About a month ago, I was involved in a rear end accident with a man driving a corporate vehicle. (His truck hit my Prius.) My car has been in the body shop since that time because his insurance keeps stalling the repair (body shop says car would have been back to me two weeks ago). When I call for an update, I'm passed form person to person with no one taking the final call. The rental is not as nice as mine and gets half the gas milage - I average 200 miles/day driving. I also had back pain and sought medical attention. What is reasonable to ask them for and what termanology do I use to get compensated for the loss of value of the car, loss of time using the car, injury/medical expenses, pain and suffering, and general aggrevation? I want to be fair but feel the insurance agency does not. They just kept the body shop in limbo for the last week because they wanted recycled parts used instead of new parts - recycled parts would have voided the car's warrenty. It's only 3 years old. I do not feel I can trust anything they say and am very frustrated. Do I need a lawyer?
2 Answers from Attorneys
I have answered approximately 1,600 questions on this site over the years and yours is one of them that I have been asked many times. I have also been asked this through my law firm over the years. I will give you the same answer I have given everybody else.
First, your question is intelligent and its reasonable. Do you need a lawyer? Absolutely. If you had a serious medical problem and asked if you need a doctor, my answer would be the same.
I do not blame someone for trying to save money and do something themselves. The problem with these cases is that you will not save money. The reason is, the insurance company knows that you have no ammunition. They know that they can treat you poorly and not fairly compensate you for everything you have been through, because you have no recourse. Without recourse, then they simply do not take you very serious and have no fear of you. Insurance companys are ruthless. They are in the business of making money. The less they pay out in claims, the more money they make. Its as simple as that.
I would love to tell you how to go about this, but I'm afraid that there is simply too much too it. Even people who have a law degree and a little bit of experience practicing law can have a hard time.
I cannot tell you what your case is worth without knowing all the details of your case, including medical information. The value of these cases are based on quite a number of factors. To list just a few, they are based on subjective versus objective injuries, the amount of medical treatment, the type of treatment, the nature of the injuries, various liability issues, insurance coverage types and limits, the facts and circumstances of the accident including the extent of car damage and low impact versus high impact, lost wages, out of pocket expenses, compensatory versus punitive damages, whether the other driver was cited for violating any traffic laws and the outcome of the citation(s), and the list goes on and on. I have handled these cases for years and depending on the type of injuries, I will usually communicate with the treating physicians and get a statement as to what is called Maximum Medical Improvement. With that I obtain documentation of any appliciable disability or impairment rating. I get further documentation on any future loss of enjoyment (legal term), and any restrictions on a personal or work/professional basis. I get documentation on the doctors prediction for re-occuring problems with the injuries, what future medical treatment will be needed, the extent of such treatment, the projected cost of that treatment, and so forth. Another huge guideline for putting a value on these cases, is the dollar amount of the medical treatment past and present. As with everything else that I have addressed, I do not know what that figure is in your case. Then one of the more difficult form of legal damages, which is fully compensable, if "pain & suffering." That one has certain hurdles to go through as you could imagine. Another compensable damage that most people do not know about nor have the ability to calculate, is what is called Loss of Consortium.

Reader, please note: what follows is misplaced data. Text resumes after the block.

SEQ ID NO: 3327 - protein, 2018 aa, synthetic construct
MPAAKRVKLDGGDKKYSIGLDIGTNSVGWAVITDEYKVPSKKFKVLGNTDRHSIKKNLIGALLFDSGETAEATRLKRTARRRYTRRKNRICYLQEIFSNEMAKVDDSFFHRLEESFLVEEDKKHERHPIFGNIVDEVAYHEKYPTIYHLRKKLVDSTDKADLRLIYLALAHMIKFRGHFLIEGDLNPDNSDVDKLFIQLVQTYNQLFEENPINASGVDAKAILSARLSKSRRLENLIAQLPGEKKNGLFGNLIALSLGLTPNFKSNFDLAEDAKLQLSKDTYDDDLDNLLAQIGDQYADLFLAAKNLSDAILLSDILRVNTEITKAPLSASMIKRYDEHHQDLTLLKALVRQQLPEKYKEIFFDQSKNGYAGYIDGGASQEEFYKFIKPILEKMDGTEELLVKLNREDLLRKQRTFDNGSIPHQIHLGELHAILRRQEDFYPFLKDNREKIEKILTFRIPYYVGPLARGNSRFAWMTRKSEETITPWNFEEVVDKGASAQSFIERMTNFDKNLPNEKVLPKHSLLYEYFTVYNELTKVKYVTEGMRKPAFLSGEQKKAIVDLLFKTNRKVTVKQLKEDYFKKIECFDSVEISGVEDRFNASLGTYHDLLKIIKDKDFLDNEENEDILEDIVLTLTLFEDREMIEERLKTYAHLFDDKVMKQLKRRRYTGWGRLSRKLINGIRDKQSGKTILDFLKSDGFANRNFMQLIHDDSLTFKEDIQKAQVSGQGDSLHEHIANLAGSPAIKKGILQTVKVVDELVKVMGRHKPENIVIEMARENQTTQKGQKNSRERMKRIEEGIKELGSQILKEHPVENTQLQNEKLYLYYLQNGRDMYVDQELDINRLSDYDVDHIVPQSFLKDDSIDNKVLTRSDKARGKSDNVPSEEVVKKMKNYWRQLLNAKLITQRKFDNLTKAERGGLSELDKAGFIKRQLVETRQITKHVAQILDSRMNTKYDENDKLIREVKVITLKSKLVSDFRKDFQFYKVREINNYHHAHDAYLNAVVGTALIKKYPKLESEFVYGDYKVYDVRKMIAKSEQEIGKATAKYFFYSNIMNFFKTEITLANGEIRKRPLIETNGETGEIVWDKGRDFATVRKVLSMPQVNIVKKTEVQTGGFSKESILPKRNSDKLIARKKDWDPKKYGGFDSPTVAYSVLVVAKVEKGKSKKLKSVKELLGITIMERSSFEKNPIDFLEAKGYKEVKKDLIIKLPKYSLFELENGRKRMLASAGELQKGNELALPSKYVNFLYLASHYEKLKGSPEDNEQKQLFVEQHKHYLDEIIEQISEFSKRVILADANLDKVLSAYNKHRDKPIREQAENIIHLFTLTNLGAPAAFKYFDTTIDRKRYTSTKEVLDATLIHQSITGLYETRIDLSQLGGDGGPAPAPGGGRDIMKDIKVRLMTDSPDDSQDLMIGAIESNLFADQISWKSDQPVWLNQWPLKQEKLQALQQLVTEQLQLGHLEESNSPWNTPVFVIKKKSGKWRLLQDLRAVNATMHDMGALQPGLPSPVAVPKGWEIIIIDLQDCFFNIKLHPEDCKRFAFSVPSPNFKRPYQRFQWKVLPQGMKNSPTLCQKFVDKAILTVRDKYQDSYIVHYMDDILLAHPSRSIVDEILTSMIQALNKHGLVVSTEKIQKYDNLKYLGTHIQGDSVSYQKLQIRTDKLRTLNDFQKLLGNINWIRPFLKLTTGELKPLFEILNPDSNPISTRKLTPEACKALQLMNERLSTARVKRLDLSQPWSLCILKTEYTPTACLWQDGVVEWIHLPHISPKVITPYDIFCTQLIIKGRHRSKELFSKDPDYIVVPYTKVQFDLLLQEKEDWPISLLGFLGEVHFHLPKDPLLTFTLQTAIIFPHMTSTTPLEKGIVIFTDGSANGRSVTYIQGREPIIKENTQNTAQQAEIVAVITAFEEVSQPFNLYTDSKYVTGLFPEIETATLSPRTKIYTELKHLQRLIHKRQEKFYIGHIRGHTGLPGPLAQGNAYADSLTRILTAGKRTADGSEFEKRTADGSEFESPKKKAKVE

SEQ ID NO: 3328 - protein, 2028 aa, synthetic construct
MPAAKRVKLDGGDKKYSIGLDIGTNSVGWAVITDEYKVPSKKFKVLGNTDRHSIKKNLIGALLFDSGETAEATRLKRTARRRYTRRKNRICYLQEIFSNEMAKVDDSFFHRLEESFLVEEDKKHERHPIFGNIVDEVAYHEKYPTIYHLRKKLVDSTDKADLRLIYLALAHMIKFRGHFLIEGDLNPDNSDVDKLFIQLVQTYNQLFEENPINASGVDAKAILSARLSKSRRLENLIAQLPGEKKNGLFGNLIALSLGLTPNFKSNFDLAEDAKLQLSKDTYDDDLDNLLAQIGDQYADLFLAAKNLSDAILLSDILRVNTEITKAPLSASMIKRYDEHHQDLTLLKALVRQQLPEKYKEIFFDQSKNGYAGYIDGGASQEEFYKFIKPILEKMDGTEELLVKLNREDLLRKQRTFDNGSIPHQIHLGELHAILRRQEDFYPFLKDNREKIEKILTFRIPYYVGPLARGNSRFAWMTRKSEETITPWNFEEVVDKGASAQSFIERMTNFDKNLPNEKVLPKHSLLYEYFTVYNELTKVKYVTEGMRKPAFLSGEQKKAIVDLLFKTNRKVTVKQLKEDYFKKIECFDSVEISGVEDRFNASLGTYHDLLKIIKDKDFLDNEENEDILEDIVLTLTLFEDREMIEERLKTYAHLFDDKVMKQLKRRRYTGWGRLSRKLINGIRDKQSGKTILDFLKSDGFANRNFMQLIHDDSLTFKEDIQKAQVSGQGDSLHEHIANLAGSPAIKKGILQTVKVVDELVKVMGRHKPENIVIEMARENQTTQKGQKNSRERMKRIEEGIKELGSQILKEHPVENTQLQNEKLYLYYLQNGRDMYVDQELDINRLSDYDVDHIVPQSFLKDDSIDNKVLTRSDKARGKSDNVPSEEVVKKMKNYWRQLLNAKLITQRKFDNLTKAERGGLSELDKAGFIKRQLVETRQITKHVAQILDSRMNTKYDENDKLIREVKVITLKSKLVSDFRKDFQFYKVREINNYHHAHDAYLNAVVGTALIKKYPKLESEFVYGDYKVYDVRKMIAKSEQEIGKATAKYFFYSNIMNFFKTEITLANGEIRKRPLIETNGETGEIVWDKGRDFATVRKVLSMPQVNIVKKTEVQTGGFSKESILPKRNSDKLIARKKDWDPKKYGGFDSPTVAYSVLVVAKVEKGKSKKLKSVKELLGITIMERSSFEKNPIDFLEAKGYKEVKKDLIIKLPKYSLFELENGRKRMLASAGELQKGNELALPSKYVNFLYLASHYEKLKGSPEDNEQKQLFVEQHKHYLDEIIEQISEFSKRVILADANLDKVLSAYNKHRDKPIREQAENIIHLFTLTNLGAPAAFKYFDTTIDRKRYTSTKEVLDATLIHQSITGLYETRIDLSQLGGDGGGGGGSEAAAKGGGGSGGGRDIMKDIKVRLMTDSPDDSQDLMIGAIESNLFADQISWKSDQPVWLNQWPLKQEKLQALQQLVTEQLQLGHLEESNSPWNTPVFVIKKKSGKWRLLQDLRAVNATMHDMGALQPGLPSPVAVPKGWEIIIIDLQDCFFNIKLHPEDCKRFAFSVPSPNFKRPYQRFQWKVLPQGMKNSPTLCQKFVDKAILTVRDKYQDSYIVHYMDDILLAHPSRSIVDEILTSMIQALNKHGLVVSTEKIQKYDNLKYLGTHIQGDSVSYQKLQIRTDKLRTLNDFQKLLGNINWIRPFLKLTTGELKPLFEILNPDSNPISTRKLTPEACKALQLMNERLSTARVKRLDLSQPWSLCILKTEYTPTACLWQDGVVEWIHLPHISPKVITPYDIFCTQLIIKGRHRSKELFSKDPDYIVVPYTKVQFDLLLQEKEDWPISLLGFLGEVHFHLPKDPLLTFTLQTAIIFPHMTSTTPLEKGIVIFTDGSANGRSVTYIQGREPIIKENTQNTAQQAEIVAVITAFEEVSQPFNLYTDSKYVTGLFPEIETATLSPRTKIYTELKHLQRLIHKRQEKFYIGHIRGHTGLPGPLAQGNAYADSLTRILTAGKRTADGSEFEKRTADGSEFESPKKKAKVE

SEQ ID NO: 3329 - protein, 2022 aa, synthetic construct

What I have outlined is not all inclusive. There are other factors and considerations with these type cases. I am just trying to outline for you and idea of what is involved.
Again, your question about needing an attorney is a very intelligent one. And the answer is Yes. There are legal matters that people who are not attorneys can handle themselves. And I certainly do not fault a person for wanting to try and do those things on their own. But if a person wants the most out of one of these cases, wants to be treated fairly, be compensated fairly, and protect themselves as much as possible, then they need the assistance of a trained legal professional.
I hope I've helped here.
Should you have any other questions or are considering retaining an attorney, you are more than welcome to call or email me.
I represent people across the state.
Robert Johnston Attorney
Location: Myrtle Beach (Horry County)
Email: [email protected]
Web Site: www.RobertJohnstonLaw.com
Areas of Practice: Criminal Defense & Personal Injury
Yes, you should consult an attorney. I echo many of the sentiments expressed by Mr. Johnston. If you would like additional information about this or related topics, you can visit my personal injury law blog (www.SCPILaw.com) or our firm's website (www.StevensFirm.com). If I can assist you further, please do not hesitate to contact my office.
Thanks and good luck, Ben Stevens
Related Questions & Answers
Are all employers required to take out workers comp? Asked 9/16/09, 11:22 pm in United States South Carolina Personal Injury Law and Tort Law